Gaia no Monshou (Fan Translation)

Longplay Information

Author(s):
R
Reinc
System: PC Engine / TurboGrafx 16 / CD
Region:
Language:
Subtitle Language:
Additional Info: Fan Translation
Publication Date: 03/10/2019
YouTube Release: 03/07/2021
Duration: 12:33:11
File Size: 2042.19 MB (2091199.12 KB)
Downloads: 155 downloads
File Links:

Screenshot

Player's Review

The plot is a retelling of Elthlead in a scenario-driven format. The game tells the story of a war between the Kingdom of Elthlead, led by King Sieghart (Ger.: "victorious bravery " ), and the dark land of Velzeria, led by Boser (Ger.: "evil one" ). At the outset of the game, Boser gains control of the Power of Gaia and uses it to begin a campaign to conquer the continent. His monster armies slay entire towns to create legions of zombies to send against the Kingdom of Light. Sieghart, together with Elthlead's traditional allies, sets out on a quest to drive Boser back into the dark lands and restore balance to Gaia.

Crest of Gaia is a 1987 turn-based tactics game in a fantasy setting. It was released on NEC PC-8801, Sharp X1, MSX, PC-Engine and Sharp X68000. The PC-Engine version was published in 1988. It is a remake of a NEC PC-8801 game Elthlead. According to the Langrisser.info website, Elthlead is the first fantasy simulation (fantasy strategy simulation, probably) game ever developed, and while most SLG fans look back to Master of Monsters or Fire Emblem as the origin of the genre, these games were released in 1988 and 1990 respectively, while the original Elthlead was made in 1987.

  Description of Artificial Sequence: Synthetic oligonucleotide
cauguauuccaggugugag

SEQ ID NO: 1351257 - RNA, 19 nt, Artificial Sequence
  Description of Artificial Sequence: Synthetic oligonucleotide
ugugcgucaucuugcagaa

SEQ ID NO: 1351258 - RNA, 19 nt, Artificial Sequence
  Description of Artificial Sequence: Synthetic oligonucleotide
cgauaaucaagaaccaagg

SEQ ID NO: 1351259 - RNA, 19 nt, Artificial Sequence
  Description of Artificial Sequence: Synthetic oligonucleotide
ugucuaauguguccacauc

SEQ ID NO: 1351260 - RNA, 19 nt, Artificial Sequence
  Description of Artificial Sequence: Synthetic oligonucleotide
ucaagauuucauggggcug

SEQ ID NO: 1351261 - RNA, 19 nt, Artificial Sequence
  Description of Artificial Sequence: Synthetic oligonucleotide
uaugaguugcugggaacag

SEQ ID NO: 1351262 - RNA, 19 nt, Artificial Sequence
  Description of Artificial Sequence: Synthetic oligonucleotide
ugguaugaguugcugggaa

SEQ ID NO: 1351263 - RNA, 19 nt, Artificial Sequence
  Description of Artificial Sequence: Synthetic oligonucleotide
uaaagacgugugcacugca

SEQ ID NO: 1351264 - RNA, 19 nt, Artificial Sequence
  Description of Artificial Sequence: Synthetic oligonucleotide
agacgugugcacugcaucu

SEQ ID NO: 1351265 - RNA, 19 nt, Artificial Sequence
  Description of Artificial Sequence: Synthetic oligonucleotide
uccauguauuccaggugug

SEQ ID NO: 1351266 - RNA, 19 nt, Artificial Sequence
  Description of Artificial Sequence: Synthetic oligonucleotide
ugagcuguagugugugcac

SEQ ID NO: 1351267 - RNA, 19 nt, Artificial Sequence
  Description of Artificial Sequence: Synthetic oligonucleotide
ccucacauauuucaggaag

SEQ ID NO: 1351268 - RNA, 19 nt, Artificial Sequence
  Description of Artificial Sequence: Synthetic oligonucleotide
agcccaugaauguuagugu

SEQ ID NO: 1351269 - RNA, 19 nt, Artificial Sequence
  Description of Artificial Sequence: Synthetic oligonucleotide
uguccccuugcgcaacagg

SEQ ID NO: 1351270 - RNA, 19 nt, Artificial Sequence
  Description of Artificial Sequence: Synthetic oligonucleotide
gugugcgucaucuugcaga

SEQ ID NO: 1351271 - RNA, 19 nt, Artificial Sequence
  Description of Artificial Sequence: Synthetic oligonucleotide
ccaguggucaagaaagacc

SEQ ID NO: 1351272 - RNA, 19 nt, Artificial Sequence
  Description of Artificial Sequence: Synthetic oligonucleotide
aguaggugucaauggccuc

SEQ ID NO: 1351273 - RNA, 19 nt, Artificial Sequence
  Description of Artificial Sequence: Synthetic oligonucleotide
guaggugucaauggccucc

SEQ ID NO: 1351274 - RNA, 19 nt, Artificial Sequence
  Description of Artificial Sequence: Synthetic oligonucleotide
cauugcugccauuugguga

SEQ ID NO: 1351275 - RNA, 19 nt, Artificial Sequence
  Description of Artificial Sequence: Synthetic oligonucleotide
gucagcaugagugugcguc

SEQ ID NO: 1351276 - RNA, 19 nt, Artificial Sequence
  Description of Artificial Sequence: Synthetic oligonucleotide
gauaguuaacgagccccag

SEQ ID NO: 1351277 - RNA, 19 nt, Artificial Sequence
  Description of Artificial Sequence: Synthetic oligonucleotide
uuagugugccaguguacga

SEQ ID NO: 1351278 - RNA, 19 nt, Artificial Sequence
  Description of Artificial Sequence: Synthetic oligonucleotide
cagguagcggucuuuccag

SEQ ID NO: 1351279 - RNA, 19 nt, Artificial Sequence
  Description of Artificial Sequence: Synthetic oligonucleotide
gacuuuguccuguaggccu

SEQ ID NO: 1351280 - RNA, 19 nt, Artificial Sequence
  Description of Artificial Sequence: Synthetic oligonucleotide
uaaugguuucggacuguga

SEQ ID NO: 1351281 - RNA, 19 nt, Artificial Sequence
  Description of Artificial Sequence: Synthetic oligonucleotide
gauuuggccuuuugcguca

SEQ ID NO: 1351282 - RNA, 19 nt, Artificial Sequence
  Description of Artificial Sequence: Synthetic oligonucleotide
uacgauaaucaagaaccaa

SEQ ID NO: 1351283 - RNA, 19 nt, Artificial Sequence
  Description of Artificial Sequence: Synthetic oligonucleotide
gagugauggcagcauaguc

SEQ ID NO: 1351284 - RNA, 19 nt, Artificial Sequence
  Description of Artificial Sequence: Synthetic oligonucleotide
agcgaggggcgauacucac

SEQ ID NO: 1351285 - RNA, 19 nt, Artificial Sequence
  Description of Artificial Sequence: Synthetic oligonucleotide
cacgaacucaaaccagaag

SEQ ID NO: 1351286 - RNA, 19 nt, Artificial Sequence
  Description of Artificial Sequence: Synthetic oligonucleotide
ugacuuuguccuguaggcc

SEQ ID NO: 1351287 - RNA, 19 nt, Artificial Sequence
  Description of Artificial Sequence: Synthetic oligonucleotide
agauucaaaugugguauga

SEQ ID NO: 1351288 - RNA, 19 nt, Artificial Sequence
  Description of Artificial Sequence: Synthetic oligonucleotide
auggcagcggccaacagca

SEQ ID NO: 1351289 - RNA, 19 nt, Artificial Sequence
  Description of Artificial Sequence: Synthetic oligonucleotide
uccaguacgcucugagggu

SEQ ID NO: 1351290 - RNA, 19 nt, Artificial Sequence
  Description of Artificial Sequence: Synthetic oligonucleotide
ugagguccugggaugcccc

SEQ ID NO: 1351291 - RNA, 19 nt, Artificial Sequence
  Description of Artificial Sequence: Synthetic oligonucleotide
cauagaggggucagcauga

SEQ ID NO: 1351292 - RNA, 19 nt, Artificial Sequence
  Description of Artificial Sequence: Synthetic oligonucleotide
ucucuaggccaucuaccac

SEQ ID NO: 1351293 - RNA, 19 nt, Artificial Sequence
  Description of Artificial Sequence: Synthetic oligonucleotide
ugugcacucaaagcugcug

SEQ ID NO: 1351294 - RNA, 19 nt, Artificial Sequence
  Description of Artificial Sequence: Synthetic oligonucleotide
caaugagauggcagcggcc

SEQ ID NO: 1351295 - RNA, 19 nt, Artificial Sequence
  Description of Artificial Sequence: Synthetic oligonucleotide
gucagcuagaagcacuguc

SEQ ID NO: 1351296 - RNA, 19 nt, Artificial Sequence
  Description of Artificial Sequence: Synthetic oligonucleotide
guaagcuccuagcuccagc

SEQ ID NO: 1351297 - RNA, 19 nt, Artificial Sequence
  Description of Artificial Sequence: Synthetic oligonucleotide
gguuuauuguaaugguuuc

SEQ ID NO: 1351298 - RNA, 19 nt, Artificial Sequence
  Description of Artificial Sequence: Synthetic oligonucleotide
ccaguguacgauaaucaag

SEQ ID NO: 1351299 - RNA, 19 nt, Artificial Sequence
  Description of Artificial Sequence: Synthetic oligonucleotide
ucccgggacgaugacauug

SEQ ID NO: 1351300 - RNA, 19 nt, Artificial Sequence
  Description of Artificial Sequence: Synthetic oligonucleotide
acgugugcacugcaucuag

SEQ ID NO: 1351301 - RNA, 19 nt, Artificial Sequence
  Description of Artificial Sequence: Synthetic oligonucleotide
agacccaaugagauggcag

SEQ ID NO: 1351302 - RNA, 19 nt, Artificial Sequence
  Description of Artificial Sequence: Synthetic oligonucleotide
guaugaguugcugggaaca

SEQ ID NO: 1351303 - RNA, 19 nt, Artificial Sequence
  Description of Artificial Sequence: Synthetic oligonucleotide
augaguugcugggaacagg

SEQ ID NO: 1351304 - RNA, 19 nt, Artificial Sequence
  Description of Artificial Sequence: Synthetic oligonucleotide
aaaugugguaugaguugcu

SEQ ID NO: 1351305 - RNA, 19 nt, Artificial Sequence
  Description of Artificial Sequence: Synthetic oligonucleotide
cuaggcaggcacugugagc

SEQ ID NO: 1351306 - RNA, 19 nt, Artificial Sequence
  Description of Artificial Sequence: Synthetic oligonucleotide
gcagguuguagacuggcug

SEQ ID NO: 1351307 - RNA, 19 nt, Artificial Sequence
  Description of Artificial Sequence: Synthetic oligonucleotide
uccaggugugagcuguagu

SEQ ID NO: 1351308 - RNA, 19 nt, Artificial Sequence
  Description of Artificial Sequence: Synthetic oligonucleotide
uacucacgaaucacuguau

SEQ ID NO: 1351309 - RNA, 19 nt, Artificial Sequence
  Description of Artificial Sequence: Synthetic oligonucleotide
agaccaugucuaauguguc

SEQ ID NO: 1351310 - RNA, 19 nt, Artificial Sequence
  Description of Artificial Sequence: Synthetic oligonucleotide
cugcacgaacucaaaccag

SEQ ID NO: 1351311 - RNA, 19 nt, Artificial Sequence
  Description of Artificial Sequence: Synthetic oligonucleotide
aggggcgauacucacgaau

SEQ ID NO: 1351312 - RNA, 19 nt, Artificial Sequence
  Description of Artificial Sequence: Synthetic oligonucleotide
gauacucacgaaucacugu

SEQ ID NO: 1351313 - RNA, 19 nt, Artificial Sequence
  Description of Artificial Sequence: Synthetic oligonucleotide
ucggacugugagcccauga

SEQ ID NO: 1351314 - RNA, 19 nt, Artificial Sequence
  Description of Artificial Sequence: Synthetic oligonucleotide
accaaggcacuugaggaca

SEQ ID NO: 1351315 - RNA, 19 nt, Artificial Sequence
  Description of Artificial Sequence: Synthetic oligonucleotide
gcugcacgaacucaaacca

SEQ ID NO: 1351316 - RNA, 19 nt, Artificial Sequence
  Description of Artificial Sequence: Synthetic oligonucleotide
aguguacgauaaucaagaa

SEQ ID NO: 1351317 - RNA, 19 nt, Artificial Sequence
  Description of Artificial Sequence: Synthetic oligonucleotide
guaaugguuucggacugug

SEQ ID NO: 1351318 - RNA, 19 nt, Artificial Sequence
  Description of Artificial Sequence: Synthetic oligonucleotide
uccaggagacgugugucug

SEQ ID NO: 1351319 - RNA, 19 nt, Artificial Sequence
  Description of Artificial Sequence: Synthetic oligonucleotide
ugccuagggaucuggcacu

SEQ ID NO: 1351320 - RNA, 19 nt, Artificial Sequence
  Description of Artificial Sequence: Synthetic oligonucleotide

Elthlead also introduced locations and characters that would provide the framework for NCS's later Langrisser series.

This remake has campaign mode and scenario mode. Campaign mode is identical to earlier versions of the game, except instead of carrying your surviving troops over from mission to mission, you get a refund from the cost of your surviving troops to add to your point total. In scenario mode, you fight the same enemies as in the campaign mode, and on the same battlefields as well, but you can only use a pre-set army for each battle, there is a story-related introduction before every battle, and also there are five additional battles that were not previously featured in Crest of Gaia campaigns.

With all that said, this is an awful game, and I did not enjoy recording it. There is way too much luck involved, and the game does not give you nearly enough information to develop any strategy. You do not know whose turn is going to be next, you do not see enemy health, you do not know if your attack has landed and you do not know how much damage you did. There is also a frequent bug that randomly causes you and/or your enemy to lose whatever spells you have picked, and effects of most spells are luck-based as well. Sometimes an enemy unit just decides that it is not going to be hit for a few turns and there is nothing you can do about it.

The translation is good, but there are some typos, and the spell descriptions are rather confusing.

In this longplay, I beat all scenarios to show the game's story, and then I beat campaign mode, which is where the game's ending is hidden. Some extra scenes were added at the end.